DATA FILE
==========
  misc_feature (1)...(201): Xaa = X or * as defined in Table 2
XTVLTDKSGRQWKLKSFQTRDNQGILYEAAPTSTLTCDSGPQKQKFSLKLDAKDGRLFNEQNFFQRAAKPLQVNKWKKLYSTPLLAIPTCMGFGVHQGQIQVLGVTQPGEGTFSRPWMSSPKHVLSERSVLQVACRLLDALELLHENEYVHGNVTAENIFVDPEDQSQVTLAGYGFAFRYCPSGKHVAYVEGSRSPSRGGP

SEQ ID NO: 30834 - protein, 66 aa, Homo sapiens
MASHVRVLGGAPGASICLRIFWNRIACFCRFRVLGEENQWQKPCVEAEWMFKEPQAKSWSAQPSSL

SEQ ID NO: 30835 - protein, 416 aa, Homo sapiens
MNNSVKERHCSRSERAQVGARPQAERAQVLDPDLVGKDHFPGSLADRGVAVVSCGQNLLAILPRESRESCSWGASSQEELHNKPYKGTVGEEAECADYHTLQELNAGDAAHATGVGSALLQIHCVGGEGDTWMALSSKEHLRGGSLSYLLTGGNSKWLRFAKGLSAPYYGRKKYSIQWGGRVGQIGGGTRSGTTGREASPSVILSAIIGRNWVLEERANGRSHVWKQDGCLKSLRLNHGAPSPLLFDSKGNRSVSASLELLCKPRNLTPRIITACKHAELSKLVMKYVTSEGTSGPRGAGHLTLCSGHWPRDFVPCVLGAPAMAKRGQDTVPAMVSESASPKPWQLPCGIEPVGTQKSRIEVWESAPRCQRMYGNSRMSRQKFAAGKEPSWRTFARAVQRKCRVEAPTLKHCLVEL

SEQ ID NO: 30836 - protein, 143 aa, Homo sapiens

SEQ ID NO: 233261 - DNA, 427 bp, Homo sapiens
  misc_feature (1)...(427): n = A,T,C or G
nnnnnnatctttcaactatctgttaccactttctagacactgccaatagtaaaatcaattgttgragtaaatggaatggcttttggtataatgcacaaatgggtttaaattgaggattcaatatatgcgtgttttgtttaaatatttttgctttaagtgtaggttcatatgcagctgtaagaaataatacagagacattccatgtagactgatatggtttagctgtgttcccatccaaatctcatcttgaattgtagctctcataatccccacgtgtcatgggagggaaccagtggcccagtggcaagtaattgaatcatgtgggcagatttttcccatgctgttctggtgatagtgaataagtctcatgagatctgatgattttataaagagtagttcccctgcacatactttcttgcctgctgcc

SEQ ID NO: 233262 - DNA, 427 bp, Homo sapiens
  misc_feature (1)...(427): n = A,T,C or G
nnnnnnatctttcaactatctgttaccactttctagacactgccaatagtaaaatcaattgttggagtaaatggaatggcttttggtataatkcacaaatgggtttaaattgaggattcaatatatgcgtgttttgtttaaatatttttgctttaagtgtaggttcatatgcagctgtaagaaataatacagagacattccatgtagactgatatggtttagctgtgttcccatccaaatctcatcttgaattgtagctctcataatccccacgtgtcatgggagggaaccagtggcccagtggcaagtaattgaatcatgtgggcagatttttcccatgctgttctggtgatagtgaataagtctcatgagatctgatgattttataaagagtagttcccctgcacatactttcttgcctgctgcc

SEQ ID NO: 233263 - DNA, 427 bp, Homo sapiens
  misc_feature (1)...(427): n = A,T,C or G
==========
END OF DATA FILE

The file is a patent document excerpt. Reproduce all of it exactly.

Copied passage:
  misc_feature (1)...(201): Xaa = X or * as defined in Table 2
XTVLTDKSGRQWKLKSFQTRDNQGILYEAAPTSTLTCDSGPQKQKFSLKLDAKDGRLFNEQNFFQRAAKPLQVNKWKKLYSTPLLAIPTCMGFGVHQGQIQVLGVTQPGEGTFSRPWMSSPKHVLSERSVLQVACRLLDALELLHENEYVHGNVTAENIFVDPEDQSQVTLAGYGFAFRYCPSGKHVAYVEGSRSPSRGGP

SEQ ID NO: 30834 - protein, 66 aa, Homo sapiens
MASHVRVLGGAPGASICLRIFWNRIACFCRFRVLGEENQWQKPCVEAEWMFKEPQAKSWSAQPSSL

SEQ ID NO: 30835 - protein, 416 aa, Homo sapiens
MNNSVKERHCSRSERAQVGARPQAERAQVLDPDLVGKDHFPGSLADRGVAVVSCGQNLLAILPRESRESCSWGASSQEELHNKPYKGTVGEEAECADYHTLQELNAGDAAHATGVGSALLQIHCVGGEGDTWMALSSKEHLRGGSLSYLLTGGNSKWLRFAKGLSAPYYGRKKYSIQWGGRVGQIGGGTRSGTTGREASPSVILSAIIGRNWVLEERANGRSHVWKQDGCLKSLRLNHGAPSPLLFDSKGNRSVSASLELLCKPRNLTPRIITACKHAELSKLVMKYVTSEGTSGPRGAGHLTLCSGHWPRDFVPCVLGAPAMAKRGQDTVPAMVSESASPKPWQLPCGIEPVGTQKSRIEVWESAPRCQRMYGNSRMSRQKFAAGKEPSWRTFARAVQRKCRVEAPTLKHCLVEL

SEQ ID NO: 30836 - protein, 143 aa, Homo sapiens

SEQ ID NO: 233261 - DNA, 427 bp, Homo sapiens
  misc_feature (1)...(427): n = A,T,C or G
nnnnnnatctttcaactatctgttaccactttctagacactgccaatagtaaaatcaattgttgragtaaatggaatggcttttggtataatgcacaaatgggtttaaattgaggattcaatatatgcgtgttttgtttaaatatttttgctttaagtgtaggttcatatgcagctgtaagaaataatacagagacattccatgtagactgatatggtttagctgtgttcccatccaaatctcatcttgaattgtagctctcataatccccacgtgtcatgggagggaaccagtggcccagtggcaagtaattgaatcatgtgggcagatttttcccatgctgttctggtgatagtgaataagtctcatgagatctgatgattttataaagagtagttcccctgcacatactttcttgcctgctgcc

SEQ ID NO: 233262 - DNA, 427 bp, Homo sapiens
  misc_feature (1)...(427): n = A,T,C or G
nnnnnnatctttcaactatctgttaccactttctagacactgccaatagtaaaatcaattgttggagtaaatggaatggcttttggtataatkcacaaatgggtttaaattgaggattcaatatatgcgtgttttgtttaaatatttttgctttaagtgtaggttcatatgcagctgtaagaaataatacagagacattccatgtagactgatatggtttagctgtgttcccatccaaatctcatcttgaattgtagctctcataatccccacgtgtcatgggagggaaccagtggcccagtggcaagtaattgaatcatgtgggcagatttttcccatgctgttctggtgatagtgaataagtctcatgagatctgatgattttataaagagtagttcccctgcacatactttcttgcctgctgcc

SEQ ID NO: 233263 - DNA, 427 bp, Homo sapiens
  misc_feature (1)...(427): n = A,T,C or G